13 September 2002 | samdiener
A beautiful, morally complex, moving evocation of a woman's dilemmas of love and politics in 1907 India.
The Home and The World is an excellent film by the great Bengali director Satyajit Ray. Based on a novel by Tagore, the drama focuses on the personal and political dilemmas faced by a wealthy Bengali woman in 1907 as her husband and his best friend vie for her affection and her political loyalties.
Very few films successfully focus on the ethical complexities of social movement organizing (The Official Story, Matewan, and Mapantsula are rare exceptions; The Way We Were has some brilliant flashes along these lines, but then veers away from these themes all too quickly). We, the viewers, are initially drawn to the viewpoint of the charismatic political organizer, just as the protagonist is drawn to him and out of the restraints of traditional purdah. Far from painting the husband as a vile monster to revolt against, however, the husband encourages the increasing independence of the protagonist, and becomes the loving conscience of the film, even as it exposes the limitations of his apparent passivity.
As the attraction between the protagonist and the organizer mounts, so does the tempo and the tension of the political struggles in the village. As the protagonist learns more and more about the world beyond the secluded part of her palatial home, we, the viewers, begin to understand more and more the complexity of the cross-cutting tensions between: England and India, modernism and tradition, Hindu and Muslim, rich and poor, men and women, leadership and rabble-rousing, means and ends, and love and infatuation.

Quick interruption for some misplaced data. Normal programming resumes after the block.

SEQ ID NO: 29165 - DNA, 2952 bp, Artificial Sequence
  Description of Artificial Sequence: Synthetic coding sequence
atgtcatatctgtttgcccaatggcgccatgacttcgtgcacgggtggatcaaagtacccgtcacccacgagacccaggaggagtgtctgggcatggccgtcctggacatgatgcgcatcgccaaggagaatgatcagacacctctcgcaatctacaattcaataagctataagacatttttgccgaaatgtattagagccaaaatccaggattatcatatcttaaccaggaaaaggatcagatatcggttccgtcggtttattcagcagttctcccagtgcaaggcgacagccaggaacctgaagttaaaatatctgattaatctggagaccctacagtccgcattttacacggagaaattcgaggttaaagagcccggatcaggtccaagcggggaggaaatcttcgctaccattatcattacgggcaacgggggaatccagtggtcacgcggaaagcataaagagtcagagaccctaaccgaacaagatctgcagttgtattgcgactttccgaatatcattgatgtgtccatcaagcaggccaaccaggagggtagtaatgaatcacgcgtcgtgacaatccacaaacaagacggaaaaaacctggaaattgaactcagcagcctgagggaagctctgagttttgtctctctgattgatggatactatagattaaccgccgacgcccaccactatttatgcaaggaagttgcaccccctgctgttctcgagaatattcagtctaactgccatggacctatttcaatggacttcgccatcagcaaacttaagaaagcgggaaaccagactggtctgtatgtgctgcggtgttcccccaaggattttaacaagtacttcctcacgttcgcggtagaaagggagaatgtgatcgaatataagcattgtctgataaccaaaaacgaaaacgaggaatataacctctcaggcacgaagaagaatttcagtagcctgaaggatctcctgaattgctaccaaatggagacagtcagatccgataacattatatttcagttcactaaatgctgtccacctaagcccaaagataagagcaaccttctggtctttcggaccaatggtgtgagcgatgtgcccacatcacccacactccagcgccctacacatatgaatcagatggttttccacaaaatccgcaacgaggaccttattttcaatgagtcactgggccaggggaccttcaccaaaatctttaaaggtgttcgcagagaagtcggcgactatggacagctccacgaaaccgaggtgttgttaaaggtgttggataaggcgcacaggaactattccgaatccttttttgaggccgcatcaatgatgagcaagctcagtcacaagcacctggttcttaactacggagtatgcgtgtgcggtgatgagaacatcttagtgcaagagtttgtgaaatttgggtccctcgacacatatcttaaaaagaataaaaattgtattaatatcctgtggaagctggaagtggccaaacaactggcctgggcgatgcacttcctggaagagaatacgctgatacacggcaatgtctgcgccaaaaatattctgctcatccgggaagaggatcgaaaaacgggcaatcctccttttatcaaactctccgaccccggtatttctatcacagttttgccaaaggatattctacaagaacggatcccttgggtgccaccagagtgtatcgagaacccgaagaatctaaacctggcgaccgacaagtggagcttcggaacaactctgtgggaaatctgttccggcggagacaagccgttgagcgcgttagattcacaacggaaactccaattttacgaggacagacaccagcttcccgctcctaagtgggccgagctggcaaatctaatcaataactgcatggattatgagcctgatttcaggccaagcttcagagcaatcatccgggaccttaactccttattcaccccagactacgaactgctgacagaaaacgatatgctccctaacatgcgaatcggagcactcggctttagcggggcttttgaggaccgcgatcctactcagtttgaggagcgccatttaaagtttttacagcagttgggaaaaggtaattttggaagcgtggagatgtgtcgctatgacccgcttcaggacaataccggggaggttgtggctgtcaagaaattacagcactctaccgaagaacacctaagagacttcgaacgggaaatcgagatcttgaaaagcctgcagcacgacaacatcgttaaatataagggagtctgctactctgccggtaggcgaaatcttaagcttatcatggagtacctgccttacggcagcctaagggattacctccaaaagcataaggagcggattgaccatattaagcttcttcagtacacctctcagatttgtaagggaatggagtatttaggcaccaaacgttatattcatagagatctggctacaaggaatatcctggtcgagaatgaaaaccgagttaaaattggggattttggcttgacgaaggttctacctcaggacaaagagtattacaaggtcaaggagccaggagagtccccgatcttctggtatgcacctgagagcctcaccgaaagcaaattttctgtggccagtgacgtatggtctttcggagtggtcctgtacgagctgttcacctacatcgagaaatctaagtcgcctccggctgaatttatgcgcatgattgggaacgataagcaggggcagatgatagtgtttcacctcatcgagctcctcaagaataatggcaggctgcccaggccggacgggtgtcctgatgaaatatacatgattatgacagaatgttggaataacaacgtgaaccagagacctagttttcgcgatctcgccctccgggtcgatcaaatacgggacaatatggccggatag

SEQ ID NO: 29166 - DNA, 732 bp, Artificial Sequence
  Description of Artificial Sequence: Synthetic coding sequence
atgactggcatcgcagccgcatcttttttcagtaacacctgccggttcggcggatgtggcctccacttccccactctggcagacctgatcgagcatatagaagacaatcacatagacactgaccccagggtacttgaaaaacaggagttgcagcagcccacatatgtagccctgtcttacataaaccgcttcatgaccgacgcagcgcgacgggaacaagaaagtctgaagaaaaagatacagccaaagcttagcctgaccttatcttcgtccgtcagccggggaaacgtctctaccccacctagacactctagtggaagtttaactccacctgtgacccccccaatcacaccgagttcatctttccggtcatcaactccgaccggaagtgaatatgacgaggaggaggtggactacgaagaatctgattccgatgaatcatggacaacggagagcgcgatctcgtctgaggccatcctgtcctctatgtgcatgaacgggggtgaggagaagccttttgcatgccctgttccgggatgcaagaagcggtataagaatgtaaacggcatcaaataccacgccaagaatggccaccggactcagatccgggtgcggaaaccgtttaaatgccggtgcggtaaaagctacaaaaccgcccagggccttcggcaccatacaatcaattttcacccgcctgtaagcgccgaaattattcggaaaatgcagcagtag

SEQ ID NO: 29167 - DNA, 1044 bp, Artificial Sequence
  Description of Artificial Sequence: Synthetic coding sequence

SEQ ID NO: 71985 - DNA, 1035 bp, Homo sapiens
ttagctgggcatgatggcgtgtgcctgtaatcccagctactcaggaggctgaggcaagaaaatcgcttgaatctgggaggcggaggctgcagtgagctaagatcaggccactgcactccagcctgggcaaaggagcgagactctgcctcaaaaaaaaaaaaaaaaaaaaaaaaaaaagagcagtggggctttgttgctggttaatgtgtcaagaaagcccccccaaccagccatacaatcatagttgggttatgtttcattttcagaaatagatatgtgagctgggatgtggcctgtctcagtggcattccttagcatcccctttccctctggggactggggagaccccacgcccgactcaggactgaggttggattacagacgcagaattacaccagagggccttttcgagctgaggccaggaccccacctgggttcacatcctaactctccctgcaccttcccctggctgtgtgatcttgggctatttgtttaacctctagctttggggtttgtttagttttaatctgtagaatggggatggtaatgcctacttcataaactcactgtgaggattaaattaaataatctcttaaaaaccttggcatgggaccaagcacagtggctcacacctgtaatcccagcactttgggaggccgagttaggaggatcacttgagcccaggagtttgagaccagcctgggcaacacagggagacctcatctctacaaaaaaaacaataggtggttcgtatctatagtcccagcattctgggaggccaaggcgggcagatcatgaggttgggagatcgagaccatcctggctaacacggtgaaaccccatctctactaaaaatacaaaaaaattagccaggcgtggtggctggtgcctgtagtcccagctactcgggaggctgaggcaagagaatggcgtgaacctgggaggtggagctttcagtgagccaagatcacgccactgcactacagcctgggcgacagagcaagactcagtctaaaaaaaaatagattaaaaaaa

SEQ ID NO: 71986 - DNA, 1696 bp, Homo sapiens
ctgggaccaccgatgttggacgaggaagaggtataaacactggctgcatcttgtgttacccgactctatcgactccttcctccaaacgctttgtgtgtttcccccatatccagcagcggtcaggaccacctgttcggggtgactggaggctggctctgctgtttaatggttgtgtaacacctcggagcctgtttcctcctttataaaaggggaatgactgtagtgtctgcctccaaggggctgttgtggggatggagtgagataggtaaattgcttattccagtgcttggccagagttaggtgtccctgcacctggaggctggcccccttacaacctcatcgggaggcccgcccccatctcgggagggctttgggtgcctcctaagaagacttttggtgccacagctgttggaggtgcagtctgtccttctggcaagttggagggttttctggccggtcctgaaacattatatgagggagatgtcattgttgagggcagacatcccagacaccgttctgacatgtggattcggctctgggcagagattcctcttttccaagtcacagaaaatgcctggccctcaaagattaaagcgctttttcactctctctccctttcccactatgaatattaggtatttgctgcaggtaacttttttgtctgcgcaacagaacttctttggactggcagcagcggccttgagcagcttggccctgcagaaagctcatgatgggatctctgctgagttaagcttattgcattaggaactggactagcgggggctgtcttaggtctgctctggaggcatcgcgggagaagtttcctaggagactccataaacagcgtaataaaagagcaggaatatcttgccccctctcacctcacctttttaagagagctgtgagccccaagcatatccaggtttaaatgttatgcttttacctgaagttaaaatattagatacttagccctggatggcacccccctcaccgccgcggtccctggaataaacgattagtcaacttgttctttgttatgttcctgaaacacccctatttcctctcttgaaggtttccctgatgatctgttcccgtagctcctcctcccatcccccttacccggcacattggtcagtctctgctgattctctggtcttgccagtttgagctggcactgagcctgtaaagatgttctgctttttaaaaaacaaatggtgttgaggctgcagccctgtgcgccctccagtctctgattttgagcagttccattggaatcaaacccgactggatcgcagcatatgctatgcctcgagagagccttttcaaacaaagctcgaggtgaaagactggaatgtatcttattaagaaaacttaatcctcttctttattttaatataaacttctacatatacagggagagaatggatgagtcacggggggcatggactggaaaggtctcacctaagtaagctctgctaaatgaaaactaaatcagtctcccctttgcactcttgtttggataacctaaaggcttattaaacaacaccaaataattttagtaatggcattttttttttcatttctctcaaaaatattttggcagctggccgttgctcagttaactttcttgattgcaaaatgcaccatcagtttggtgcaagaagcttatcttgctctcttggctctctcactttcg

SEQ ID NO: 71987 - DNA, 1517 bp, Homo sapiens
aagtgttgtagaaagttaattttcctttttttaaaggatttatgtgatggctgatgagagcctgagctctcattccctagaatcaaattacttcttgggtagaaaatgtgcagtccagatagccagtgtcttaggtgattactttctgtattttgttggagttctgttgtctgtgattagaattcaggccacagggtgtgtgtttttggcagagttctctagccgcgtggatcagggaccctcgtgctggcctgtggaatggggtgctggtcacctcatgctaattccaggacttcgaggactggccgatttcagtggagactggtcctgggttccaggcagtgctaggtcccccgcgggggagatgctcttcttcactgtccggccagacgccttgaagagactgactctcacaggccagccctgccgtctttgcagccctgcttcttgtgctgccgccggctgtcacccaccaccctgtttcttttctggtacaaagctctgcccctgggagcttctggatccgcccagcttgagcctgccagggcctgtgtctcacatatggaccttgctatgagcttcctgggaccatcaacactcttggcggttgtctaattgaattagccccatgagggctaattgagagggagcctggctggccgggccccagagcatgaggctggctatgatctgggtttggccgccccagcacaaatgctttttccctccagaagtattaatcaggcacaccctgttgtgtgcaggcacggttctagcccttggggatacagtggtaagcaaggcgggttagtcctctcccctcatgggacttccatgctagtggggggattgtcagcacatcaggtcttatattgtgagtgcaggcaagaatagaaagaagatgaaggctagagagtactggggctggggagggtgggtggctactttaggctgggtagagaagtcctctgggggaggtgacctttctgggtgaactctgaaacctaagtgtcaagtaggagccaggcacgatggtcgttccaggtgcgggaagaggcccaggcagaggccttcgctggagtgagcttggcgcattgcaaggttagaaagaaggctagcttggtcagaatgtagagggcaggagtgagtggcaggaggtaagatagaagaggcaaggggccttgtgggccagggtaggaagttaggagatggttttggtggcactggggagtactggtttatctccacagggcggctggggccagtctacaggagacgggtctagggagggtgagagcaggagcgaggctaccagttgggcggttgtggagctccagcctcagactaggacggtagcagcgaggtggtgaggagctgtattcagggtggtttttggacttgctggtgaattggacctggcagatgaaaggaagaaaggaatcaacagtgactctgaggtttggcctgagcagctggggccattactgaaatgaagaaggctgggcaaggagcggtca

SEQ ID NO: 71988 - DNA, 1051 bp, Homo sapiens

All this could have been ponderous or didactic, but it's decidedly not, and one of the wonders of the film is that the political issues are woven so deftly into the story of a believable unfolding love triangle. Most movies have a difficult time portraying any motivation for two characters to `fall' in love - this movie manages to portray changes in the relationships between all three main characters with such precision and intensity that I fully believed, and cared deeply, about each one.
The acting is extraordinary, and the cinematography, as is usual in Ray's films, is breathtaking, subtly accentuating the movie's themes of liberation and loss, and the interplay between the two.
Ray said his goal as a director was the same as Renoir's, to show that everyone has their reasons. As perhaps the most warmly compassionate of directors in all of world cinema, he succeeds brilliantly with this film.